City hires new chief of recreation

June 27, 1994|By Karen Zeiler | Karen Zeiler,Contributing Writer

For the past seven years, Ronald J. Schroers has been Hampstead's "sports authority." Friday, he'll bring his expertise to the city of Westminster.

The 28-year-old program director of the Four Seasons Sports Complex and Fitness Center in Hampstead has been named recreation and activities supervisor for the Department of Planning and Public Works.

Mr. Schroers succeeds Carol A. Donovan, who spent 10 years organizing and implementing the city's recreation programs. She announced her resignation in May.

"He is a perfect fit for the job," said Thomas B. Beyard, the city's public works director, who screened 54 applicants. "He is a very enthusiastic individual and an innovator."

Mr. Beyard said Mr. Schroers' experience developing and implementing athletic programs will serve him well in Westminster.

"I'm really excited to get started developing programs for the city," Mr. Schroers said last week.

"Carol Donovan has done a great job. My job will be to make sure all her programs are kept in place and properly run."

Mr. Schroers brings formal training and hands-on experience. The Manchester native and 1983 graduate of North Carroll High has a recreational programming degree from Carroll Community College.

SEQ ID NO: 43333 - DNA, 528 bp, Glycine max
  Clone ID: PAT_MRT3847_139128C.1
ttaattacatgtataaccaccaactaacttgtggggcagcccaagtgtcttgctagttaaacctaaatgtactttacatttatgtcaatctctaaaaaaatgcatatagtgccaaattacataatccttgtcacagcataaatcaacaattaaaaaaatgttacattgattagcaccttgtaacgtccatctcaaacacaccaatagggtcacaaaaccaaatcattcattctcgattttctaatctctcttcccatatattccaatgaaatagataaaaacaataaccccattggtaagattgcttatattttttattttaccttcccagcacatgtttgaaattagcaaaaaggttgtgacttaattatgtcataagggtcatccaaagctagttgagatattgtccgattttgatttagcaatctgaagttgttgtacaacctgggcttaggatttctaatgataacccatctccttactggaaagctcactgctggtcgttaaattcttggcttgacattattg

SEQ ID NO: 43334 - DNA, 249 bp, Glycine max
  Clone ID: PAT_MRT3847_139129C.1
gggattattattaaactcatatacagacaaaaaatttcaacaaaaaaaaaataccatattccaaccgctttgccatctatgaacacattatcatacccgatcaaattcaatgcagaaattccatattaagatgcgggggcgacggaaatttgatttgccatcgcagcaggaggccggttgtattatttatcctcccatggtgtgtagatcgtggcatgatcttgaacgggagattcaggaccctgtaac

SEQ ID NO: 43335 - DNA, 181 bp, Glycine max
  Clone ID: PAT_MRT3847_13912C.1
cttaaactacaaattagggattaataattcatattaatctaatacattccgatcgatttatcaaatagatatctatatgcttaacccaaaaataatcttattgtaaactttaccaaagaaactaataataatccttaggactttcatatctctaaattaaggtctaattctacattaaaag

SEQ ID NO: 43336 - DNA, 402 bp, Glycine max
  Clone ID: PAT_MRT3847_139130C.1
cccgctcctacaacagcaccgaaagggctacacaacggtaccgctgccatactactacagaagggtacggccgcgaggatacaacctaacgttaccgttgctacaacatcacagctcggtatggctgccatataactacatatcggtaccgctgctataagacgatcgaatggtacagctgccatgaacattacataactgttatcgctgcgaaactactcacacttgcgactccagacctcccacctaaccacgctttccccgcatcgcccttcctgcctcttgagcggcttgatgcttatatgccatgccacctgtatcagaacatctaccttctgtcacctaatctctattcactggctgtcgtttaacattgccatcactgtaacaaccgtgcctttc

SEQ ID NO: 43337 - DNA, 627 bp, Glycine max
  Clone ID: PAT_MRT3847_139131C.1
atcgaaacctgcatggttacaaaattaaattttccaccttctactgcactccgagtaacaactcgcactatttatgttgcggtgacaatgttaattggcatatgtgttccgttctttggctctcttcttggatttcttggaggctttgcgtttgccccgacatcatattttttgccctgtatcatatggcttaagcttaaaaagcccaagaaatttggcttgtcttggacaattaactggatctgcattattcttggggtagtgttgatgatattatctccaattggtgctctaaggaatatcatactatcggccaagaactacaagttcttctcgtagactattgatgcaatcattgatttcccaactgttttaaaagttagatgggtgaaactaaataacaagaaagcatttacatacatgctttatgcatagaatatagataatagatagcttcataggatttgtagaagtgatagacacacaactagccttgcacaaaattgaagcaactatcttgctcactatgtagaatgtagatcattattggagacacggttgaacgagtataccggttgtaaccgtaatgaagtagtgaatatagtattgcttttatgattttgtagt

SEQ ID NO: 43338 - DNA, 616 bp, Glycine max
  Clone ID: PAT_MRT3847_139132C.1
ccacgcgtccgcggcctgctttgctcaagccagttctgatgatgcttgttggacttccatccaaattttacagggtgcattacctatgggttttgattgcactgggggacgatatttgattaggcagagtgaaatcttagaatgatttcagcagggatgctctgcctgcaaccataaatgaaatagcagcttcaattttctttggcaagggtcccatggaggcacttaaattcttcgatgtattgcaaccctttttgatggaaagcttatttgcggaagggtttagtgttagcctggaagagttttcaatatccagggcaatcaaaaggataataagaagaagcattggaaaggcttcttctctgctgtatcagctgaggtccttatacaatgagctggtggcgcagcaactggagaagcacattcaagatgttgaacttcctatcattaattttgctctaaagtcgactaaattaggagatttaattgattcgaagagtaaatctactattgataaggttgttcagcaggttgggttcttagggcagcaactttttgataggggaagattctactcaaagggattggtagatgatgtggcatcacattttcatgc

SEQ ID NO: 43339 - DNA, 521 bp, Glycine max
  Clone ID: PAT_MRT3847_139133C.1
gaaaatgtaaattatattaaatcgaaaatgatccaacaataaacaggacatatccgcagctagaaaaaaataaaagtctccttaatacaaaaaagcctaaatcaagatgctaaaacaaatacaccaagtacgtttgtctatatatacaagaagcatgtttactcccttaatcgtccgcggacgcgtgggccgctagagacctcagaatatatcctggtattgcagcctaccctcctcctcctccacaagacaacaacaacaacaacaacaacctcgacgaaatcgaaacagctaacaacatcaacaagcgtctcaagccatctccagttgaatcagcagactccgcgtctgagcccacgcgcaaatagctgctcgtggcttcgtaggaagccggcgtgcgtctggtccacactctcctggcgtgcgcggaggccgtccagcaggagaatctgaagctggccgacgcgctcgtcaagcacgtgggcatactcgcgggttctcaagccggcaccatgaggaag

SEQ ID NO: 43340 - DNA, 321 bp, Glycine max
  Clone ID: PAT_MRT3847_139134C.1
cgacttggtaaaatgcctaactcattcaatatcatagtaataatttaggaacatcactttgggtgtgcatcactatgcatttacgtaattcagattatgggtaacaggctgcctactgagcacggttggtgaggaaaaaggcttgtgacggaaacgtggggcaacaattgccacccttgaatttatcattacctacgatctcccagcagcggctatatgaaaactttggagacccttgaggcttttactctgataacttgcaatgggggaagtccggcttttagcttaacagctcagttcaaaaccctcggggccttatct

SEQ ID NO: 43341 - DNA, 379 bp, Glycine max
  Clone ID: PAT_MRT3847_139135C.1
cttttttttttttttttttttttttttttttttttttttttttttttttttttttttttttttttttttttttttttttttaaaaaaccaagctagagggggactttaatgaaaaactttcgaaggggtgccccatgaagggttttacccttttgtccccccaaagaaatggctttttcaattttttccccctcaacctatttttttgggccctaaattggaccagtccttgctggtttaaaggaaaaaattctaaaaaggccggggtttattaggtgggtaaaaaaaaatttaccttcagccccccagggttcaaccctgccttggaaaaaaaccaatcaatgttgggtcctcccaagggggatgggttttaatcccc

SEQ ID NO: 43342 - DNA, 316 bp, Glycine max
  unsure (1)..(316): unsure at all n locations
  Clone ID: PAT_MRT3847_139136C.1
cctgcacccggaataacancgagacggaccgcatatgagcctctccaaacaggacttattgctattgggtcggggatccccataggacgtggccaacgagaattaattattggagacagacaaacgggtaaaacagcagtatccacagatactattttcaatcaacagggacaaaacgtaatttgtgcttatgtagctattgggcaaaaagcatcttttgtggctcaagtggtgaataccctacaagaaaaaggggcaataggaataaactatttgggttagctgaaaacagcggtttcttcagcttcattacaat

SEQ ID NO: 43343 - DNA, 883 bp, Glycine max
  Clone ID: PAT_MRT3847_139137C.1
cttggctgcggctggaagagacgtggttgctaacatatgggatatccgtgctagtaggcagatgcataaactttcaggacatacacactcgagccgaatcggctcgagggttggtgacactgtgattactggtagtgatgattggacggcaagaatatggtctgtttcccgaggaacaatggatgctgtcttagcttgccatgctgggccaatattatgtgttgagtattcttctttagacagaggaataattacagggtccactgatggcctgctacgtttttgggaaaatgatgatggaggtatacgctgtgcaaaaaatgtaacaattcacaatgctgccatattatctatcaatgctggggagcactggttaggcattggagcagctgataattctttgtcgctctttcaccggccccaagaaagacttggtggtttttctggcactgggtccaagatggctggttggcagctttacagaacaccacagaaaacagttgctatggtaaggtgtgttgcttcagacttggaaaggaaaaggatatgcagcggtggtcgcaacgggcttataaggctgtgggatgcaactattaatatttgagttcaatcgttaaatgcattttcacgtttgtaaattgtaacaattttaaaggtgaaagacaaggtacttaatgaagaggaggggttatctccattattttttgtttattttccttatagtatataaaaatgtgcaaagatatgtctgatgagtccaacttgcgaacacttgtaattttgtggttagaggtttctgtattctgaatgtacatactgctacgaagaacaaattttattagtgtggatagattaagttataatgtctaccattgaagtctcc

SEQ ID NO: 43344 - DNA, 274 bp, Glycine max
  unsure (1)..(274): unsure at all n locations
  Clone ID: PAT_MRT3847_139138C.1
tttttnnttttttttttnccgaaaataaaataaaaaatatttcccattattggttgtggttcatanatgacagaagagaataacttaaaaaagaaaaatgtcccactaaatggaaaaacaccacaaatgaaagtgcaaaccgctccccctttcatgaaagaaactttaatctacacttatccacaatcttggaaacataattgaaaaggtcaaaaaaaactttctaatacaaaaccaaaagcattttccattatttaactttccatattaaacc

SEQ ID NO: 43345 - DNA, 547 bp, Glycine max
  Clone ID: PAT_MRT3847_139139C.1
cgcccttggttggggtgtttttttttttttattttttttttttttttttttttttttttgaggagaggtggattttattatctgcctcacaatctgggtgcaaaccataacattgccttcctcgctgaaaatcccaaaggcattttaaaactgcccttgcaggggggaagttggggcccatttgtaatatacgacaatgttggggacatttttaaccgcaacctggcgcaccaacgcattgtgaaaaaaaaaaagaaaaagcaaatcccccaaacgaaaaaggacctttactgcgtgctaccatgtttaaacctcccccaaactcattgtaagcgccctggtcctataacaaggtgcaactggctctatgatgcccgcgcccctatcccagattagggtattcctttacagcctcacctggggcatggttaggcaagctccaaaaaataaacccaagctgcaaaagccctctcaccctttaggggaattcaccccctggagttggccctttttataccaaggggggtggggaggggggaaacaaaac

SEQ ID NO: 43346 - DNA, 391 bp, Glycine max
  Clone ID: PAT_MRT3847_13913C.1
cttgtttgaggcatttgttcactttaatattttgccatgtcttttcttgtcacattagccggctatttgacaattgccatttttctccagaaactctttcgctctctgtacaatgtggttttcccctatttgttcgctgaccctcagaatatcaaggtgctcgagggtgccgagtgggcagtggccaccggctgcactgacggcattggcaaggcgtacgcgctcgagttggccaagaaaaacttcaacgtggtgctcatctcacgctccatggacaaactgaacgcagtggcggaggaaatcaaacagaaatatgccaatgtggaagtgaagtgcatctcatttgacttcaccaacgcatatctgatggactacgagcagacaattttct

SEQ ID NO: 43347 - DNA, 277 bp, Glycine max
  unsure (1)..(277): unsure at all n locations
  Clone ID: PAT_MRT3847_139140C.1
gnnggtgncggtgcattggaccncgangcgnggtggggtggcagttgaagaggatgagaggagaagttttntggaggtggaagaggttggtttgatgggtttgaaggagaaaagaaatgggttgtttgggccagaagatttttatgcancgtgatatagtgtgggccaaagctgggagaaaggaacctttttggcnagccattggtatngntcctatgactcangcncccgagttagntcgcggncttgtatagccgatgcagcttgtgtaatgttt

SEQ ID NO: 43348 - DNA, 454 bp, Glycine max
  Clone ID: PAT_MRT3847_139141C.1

He has watched Four Seasons grow from three staff members in 1987 to more than 30 full- and part-time employees and has been actively involved in the promotion and marketing of the facility.

For as long as he can remember, Mr. Schroers said, he has had a love for sports. At the age of 11, he became a volunteer coach for Manchester's recreation council, where he was active for many years.

While a student at Carroll Community College, he spent three summers at Camp Waziyatah in Harrison, Maine, directing youth counselors.

He also worked in the college's leisure studies office, organizing advisory board meetings, tracking alumni association records and acting as a liaison between students and teachers.

He was elected Student Council vice president and served as president of the college's recreation society.

Four Seasons, which opened as the Fountain Hill Tennis Club in 1986, is owned by Mel Newman and Kevin Bidelspach. It originally consisted of six indoor and seven outdoor tennis courts and had a small staff of aerobics and fitness instructors.

"In 1987 we eliminated two tennis courts and built an indoor arena for soccer and softball," Mr. Schroers said. Four indoor batting cages also were added.

Two years ago, the remaining four indoor tennis courts were removed and two artificial turf fields were installed to accommodate a wider variety of team sports, including lacrosse, field hockey, indoor baseball and soccer.

"I've promoted Four Seasons through special events, sports leagues, summer camps, after-prom parties and Project Graduation," Mr. Schroers said.

"I was a one-man show," he says. "When you enjoy what you do, it doesn't matter how much time you put into it."

Baltimore Sun Articles
Please note the green-lined linked article text has been applied commercially without any involvement from our newsroom editors, reporters or any other editorial staff.